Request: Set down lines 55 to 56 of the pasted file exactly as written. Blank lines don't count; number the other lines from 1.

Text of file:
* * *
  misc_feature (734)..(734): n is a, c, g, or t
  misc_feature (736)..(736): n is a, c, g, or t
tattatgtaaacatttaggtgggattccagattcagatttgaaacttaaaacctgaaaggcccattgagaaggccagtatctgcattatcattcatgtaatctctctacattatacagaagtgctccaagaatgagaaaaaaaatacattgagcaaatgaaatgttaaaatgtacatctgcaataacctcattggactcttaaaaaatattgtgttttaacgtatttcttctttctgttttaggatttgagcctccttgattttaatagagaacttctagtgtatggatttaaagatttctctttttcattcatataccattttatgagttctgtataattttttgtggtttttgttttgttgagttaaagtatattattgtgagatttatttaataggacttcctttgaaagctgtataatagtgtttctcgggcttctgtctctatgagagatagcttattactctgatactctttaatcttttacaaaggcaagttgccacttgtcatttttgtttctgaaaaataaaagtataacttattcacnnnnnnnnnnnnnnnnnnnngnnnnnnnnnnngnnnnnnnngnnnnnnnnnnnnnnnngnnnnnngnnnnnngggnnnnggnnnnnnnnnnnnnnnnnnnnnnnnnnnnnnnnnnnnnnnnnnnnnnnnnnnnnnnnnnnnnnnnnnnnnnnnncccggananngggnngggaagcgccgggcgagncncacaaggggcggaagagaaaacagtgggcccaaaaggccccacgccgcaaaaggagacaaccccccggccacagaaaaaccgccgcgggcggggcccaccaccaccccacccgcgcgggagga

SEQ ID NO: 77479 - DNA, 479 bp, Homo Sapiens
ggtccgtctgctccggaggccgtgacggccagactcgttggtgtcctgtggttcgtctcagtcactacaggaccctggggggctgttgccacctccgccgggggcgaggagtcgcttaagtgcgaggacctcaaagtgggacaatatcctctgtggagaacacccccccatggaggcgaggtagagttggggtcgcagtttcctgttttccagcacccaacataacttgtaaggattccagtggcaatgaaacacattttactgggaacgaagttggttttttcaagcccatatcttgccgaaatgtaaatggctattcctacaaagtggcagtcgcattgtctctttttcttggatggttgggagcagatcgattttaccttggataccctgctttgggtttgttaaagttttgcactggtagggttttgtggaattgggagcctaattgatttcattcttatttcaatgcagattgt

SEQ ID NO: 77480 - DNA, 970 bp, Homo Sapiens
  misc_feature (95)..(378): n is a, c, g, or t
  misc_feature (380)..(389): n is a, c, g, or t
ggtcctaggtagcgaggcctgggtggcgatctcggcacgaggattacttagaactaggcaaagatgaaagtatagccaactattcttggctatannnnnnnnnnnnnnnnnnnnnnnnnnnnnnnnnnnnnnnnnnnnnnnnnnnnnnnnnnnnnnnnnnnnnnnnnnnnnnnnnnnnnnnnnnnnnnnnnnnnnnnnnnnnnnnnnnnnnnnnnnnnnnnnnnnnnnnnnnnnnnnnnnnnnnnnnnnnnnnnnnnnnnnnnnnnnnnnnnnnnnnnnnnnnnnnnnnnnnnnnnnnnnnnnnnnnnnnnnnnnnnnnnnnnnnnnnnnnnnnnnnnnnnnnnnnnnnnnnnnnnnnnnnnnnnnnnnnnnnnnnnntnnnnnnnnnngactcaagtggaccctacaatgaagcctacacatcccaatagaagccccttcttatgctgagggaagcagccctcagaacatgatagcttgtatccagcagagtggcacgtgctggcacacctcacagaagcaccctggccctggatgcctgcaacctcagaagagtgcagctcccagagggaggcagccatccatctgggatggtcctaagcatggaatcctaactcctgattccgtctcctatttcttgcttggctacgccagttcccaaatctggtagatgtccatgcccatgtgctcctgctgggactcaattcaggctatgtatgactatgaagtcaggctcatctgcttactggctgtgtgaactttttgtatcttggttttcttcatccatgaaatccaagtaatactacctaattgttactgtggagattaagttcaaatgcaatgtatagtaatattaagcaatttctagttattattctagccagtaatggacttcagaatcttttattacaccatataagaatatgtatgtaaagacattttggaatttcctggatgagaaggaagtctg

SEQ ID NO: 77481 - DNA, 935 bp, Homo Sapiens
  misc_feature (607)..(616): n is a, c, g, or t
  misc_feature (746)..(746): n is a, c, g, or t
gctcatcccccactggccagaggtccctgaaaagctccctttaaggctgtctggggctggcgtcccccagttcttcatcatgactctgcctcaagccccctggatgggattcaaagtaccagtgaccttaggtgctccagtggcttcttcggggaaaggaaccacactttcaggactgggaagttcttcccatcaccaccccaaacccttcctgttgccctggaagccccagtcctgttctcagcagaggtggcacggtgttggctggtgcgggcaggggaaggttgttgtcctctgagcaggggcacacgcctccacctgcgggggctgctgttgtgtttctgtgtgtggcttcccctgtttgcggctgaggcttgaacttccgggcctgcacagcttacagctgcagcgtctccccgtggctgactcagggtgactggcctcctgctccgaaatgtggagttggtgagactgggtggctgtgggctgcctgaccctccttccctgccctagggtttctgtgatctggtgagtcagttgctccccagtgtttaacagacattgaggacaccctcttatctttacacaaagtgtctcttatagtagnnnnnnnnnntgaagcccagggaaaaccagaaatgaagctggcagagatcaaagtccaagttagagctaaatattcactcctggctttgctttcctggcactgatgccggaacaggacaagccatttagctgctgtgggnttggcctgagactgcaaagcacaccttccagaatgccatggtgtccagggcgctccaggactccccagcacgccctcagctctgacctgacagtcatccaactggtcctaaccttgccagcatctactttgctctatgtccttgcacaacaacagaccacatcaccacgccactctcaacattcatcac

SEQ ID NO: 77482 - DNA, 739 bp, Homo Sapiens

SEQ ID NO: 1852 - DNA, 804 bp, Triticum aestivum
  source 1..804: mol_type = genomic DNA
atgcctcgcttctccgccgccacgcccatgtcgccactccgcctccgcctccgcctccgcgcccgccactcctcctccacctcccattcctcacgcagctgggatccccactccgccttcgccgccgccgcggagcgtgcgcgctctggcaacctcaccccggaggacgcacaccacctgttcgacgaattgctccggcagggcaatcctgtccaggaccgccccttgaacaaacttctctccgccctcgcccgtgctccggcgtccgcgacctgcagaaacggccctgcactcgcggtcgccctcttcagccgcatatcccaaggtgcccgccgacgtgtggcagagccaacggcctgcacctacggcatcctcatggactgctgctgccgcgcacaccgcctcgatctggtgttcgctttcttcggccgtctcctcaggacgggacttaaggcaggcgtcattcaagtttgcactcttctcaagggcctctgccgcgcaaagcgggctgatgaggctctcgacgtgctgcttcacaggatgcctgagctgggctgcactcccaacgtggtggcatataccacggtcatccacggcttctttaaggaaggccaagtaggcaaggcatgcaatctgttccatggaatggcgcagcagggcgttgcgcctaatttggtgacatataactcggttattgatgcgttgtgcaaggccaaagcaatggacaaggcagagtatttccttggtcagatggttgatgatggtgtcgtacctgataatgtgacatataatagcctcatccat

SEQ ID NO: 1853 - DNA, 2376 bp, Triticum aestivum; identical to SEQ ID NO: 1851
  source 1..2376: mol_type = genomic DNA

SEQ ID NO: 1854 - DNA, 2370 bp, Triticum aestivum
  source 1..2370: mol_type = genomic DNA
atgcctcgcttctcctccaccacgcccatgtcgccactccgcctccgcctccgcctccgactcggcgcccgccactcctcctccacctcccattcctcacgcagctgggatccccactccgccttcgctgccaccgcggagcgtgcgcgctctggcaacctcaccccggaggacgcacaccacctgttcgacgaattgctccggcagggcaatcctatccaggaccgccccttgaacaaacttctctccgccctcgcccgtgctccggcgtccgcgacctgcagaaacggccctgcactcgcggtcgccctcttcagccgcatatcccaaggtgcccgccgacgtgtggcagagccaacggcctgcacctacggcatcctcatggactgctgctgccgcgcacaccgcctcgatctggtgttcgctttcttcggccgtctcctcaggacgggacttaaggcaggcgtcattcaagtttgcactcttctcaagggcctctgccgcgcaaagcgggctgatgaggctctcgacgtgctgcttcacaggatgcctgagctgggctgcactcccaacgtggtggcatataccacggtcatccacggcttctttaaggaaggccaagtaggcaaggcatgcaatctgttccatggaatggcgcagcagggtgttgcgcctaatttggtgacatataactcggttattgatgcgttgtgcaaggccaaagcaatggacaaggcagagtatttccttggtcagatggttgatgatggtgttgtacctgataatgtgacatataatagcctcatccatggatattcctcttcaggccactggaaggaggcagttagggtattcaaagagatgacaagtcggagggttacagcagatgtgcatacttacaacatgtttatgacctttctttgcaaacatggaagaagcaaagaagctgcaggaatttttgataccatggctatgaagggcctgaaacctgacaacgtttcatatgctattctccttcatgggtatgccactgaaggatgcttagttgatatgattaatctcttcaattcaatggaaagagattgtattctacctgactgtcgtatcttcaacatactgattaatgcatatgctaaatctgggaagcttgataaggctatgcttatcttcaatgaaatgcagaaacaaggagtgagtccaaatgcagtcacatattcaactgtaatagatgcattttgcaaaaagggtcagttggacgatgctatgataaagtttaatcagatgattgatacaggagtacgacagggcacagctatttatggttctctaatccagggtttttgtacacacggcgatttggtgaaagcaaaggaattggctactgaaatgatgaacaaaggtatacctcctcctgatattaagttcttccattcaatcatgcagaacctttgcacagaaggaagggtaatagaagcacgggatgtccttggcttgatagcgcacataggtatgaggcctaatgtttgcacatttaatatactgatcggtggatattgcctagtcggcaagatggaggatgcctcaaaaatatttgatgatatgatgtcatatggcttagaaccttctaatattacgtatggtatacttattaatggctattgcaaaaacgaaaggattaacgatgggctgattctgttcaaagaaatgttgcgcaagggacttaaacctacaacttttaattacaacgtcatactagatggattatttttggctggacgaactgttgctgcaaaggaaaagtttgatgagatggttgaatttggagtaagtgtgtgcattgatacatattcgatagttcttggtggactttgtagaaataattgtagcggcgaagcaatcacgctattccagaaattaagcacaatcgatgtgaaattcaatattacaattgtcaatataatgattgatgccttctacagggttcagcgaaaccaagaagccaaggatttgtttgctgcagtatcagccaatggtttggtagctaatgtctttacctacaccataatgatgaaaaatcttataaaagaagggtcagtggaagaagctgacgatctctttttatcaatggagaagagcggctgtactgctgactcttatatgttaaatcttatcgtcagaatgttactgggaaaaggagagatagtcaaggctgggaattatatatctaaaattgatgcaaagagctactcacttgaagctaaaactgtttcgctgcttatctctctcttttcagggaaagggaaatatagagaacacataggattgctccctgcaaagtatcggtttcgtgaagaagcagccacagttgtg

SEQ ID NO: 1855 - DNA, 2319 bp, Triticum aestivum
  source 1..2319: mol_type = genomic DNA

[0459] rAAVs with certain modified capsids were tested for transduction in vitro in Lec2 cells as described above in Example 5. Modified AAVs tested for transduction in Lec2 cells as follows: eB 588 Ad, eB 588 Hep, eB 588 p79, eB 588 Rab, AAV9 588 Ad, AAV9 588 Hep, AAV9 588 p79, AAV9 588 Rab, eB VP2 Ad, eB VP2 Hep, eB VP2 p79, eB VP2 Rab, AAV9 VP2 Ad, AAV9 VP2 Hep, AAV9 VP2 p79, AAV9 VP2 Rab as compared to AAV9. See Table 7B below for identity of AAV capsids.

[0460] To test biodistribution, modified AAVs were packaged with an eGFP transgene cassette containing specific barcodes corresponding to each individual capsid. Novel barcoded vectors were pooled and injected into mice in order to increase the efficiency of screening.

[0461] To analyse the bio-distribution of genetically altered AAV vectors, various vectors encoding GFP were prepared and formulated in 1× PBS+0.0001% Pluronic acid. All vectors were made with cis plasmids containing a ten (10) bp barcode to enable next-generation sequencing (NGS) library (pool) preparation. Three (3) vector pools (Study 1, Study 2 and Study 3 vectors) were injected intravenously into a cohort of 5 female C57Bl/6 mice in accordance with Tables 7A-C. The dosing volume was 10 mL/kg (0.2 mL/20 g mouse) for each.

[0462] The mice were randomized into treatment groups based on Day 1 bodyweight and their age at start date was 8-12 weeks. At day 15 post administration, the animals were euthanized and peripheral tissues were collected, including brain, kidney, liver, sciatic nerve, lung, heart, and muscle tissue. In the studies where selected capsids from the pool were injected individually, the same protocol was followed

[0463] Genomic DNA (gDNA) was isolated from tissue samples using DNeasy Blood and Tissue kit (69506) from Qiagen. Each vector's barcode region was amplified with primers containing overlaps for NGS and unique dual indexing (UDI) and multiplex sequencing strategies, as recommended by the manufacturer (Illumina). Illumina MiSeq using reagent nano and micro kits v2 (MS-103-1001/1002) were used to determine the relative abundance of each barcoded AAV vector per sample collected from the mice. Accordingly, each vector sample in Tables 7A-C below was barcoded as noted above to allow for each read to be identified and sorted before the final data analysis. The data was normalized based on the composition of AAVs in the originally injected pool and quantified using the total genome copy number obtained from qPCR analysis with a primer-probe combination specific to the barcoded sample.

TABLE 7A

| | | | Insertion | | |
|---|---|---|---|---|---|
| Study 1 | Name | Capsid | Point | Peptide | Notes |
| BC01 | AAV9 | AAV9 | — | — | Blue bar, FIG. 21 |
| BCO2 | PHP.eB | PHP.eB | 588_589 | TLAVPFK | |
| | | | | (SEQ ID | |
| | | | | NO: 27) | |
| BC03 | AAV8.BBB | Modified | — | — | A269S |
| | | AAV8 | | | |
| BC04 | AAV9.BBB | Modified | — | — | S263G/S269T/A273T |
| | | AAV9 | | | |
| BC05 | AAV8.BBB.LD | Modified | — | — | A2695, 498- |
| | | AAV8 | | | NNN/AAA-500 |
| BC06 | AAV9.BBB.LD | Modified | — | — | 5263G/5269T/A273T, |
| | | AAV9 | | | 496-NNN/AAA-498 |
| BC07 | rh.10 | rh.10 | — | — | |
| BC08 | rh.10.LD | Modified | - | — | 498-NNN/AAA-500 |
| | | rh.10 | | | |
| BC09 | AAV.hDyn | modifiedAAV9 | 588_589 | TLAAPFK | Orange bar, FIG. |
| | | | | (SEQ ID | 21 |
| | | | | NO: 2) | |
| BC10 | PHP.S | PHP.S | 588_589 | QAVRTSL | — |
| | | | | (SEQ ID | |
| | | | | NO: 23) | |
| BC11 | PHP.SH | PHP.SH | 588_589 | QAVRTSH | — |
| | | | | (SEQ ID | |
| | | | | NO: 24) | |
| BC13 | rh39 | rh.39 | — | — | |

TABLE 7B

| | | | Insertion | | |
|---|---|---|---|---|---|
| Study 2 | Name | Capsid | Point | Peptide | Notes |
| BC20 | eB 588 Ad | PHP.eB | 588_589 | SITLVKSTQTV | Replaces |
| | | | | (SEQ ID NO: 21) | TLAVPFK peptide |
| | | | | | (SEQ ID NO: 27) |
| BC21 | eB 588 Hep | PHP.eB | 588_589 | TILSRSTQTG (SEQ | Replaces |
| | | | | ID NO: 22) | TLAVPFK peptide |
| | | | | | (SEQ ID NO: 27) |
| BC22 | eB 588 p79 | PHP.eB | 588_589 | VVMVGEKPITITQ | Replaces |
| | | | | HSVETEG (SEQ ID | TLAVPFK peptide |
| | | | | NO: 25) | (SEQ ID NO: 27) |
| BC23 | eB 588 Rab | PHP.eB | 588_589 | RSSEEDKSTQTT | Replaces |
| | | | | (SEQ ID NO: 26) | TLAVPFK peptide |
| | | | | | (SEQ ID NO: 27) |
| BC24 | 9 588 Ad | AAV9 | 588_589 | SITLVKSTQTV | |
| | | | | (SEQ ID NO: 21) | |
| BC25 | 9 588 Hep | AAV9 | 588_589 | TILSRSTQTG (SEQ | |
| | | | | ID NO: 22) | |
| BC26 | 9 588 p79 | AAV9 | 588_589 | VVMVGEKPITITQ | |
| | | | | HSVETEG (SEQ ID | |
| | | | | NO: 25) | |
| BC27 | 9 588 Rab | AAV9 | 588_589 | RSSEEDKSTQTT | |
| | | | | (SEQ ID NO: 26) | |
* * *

| BC11 | PHP.SH | PHP.SH | 588_589 | QAVRTSH | — |
| | | | | (SEQ ID | |